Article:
Tags: Roubini | Spain | Exit | Eurozone | US

Roubini: Spain’s Exit From Eurozone Will Eventually Infect US

Wednesday, 09 May 2012 02:19 PM

Spain will eventually exit the eurozone and the U.S. will feel some contagion, but it won't be an abrupt, crushing experience, says New York University economist Nouriel Roubini.

Concerns that Greece, sick of painful austerity measures that voters see as doing nothing for the economy, will default and abandon the euro are widespread.

Yet Spain, a much larger economy, will follow suit down the road and tap the European Commission, the European Central Bank and the International Monetary Fund, known is Europe as the troika, for rescue funding beforehand.

Editor's Note: The Final Turning Predicted for America. See Proof.

"I'm worried about Spain, but as I say, it's going to be slow motion. By the end of the year, Spain is going to lose market access, they're going to require a troika bailout and it's going to keep them out of the markets for a year or two. That's not going to work out."

So when will Spain leave?

"Maybe three years down the line then you have, of course, a restructuring of the debt," Roubini says.

"Eventually even Spain could exit the eurozone. It's not something that's going to happen in 12 months. That's why I think of it as being a slow motion process that is going to unravel over the next few years."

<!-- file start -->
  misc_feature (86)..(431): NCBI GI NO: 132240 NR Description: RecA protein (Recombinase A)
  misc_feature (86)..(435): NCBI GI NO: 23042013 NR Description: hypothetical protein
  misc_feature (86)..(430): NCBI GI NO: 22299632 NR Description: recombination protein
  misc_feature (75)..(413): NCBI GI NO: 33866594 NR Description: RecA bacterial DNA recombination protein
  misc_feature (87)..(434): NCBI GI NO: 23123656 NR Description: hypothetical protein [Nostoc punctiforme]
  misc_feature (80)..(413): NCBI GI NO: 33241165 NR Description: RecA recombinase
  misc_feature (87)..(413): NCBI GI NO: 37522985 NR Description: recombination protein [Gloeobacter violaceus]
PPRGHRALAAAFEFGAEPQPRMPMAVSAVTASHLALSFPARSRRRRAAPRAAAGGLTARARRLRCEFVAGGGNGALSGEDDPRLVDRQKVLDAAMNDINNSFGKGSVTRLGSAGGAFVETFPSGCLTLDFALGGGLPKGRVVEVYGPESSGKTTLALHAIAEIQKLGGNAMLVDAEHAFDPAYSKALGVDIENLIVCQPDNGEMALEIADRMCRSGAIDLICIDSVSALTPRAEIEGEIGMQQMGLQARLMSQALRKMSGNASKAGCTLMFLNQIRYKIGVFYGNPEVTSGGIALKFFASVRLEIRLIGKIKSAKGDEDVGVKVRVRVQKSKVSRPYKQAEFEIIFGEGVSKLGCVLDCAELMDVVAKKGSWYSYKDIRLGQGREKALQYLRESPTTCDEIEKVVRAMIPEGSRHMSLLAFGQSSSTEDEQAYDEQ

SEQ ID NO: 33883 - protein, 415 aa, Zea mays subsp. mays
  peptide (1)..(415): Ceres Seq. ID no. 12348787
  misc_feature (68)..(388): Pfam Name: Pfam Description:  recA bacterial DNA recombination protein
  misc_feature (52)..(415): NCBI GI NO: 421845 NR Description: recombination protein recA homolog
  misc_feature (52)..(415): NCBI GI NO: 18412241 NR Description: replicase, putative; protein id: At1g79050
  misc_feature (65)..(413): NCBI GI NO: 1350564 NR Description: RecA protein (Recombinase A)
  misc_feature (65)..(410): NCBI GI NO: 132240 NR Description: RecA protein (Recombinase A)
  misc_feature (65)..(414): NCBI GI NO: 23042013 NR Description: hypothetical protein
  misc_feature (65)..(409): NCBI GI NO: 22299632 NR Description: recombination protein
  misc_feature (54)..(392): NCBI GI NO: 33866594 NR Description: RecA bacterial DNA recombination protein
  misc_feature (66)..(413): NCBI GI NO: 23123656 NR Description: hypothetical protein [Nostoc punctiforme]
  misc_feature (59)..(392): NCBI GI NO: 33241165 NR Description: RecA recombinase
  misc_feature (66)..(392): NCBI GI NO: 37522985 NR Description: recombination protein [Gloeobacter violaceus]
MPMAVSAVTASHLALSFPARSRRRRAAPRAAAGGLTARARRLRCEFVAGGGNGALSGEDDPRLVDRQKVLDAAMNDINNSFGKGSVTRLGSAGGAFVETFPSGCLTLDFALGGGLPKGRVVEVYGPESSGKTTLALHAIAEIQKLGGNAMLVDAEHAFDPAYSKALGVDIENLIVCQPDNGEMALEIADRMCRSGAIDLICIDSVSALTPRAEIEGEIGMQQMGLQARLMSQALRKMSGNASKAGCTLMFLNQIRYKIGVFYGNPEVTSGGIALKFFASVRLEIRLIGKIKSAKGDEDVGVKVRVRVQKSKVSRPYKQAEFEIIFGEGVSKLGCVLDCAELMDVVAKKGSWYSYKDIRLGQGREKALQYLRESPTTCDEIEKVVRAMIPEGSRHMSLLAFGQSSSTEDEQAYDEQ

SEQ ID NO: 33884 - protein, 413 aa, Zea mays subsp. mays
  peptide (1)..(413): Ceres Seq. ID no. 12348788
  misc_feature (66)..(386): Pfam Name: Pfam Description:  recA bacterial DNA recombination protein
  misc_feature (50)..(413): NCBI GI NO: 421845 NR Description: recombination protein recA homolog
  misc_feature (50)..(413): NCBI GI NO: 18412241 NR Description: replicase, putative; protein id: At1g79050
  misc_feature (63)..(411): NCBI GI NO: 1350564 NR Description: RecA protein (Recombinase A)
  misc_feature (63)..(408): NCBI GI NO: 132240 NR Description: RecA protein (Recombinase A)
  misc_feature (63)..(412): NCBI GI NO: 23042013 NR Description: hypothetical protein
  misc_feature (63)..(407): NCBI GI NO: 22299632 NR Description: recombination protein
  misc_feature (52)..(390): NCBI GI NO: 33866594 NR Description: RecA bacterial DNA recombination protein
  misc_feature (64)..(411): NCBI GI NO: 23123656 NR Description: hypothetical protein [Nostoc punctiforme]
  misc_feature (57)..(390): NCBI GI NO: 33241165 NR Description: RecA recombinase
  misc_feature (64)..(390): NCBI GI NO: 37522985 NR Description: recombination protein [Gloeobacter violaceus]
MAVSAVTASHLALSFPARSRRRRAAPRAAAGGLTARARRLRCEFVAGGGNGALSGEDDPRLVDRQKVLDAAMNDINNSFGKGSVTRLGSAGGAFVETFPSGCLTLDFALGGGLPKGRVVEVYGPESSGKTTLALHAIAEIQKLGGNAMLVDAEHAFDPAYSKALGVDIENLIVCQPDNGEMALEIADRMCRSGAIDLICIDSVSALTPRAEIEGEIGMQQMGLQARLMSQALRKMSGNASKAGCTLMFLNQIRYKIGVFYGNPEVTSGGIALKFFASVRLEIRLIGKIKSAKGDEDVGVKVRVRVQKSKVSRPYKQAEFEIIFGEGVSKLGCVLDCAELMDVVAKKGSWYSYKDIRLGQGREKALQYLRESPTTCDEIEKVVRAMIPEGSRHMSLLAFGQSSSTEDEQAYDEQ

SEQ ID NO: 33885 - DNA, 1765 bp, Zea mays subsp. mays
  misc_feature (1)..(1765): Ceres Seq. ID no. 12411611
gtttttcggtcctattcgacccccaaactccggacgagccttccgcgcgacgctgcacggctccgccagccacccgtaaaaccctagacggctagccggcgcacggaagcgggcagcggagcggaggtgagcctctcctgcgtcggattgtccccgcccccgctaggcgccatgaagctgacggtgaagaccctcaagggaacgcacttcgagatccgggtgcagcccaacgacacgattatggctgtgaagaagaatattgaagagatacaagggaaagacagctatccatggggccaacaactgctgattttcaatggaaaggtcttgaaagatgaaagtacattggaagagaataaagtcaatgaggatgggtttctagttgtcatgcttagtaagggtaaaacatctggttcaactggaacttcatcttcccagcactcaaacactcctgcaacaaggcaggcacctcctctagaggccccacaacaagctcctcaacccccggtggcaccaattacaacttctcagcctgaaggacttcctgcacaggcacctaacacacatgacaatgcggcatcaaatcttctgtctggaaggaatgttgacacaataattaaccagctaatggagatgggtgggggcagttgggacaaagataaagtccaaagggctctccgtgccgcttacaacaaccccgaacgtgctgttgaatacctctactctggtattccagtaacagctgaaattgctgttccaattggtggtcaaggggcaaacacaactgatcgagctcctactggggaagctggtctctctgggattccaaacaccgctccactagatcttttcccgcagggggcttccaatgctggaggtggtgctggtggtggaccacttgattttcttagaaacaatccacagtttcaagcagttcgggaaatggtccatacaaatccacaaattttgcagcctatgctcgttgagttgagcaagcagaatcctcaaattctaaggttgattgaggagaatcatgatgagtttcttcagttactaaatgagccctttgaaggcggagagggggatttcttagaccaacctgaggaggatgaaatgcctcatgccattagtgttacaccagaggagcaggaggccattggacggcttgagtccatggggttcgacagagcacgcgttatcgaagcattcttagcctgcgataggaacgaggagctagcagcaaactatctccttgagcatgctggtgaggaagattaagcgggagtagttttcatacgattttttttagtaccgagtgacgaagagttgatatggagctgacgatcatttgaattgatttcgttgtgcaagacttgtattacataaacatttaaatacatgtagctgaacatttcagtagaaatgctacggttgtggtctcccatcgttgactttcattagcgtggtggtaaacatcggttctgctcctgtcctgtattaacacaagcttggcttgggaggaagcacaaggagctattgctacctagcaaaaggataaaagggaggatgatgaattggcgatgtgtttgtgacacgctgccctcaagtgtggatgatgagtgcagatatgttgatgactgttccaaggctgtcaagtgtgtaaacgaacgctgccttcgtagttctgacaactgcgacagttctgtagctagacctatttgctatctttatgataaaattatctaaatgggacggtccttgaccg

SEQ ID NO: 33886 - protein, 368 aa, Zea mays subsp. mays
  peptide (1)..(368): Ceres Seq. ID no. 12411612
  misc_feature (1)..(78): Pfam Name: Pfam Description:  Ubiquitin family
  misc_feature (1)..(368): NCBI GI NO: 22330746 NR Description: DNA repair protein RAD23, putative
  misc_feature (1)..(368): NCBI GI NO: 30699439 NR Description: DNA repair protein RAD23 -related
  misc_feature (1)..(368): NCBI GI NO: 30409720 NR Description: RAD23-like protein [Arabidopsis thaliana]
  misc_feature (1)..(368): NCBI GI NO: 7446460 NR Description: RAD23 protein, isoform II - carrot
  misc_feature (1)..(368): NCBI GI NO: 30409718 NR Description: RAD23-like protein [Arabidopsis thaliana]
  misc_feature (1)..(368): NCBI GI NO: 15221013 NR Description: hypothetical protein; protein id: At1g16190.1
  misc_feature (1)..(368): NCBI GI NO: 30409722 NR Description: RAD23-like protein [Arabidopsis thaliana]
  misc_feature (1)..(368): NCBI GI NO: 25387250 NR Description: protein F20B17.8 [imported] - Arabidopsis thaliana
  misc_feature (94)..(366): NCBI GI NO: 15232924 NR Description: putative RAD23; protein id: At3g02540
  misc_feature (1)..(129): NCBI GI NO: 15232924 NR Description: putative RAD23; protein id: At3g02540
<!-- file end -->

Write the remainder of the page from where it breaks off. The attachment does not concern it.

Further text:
The U.S. could feel the heat.

"There is a risk of contagion. The trade links between Europe and the U.S. are modest but the financial links are important," Roubini says.

"In the spring of 2010 when there was the first Greek crisis, you had the correction of 20 percent of not only of European equity but of U.S. equity. Last summer when we had the worries about the eurozone problem spreading to Spain and Italy, it was a 20 percent correction in Europe and almost as much as a correction in emerging markets in the United States."

Next year, expect tepid growth in the U.S. even without a Spanish meltdown.

"Economic growth is going to (be below) 2 percent, the unemployment rate is high, job creation is going to be anemic," Roubini says.

"That's a problem that's going to get worse."

Spain is battling a massive financial crisis after the real estate bust battered its banking sector.

The government is set to demand banks to set aside the euro equivalent of $45 billion against loans tied to the ailing property sector, Reuters reports, quoting sources close to the deal as saying the likelihood of a bailout is growing.

"There's no way we can meet these provisions by ourselves — the whole sector would fall into losses," a bank source tells Reuters, who declined to be named.

Editor's Note: The Final Turning Predicted for America. See Proof.

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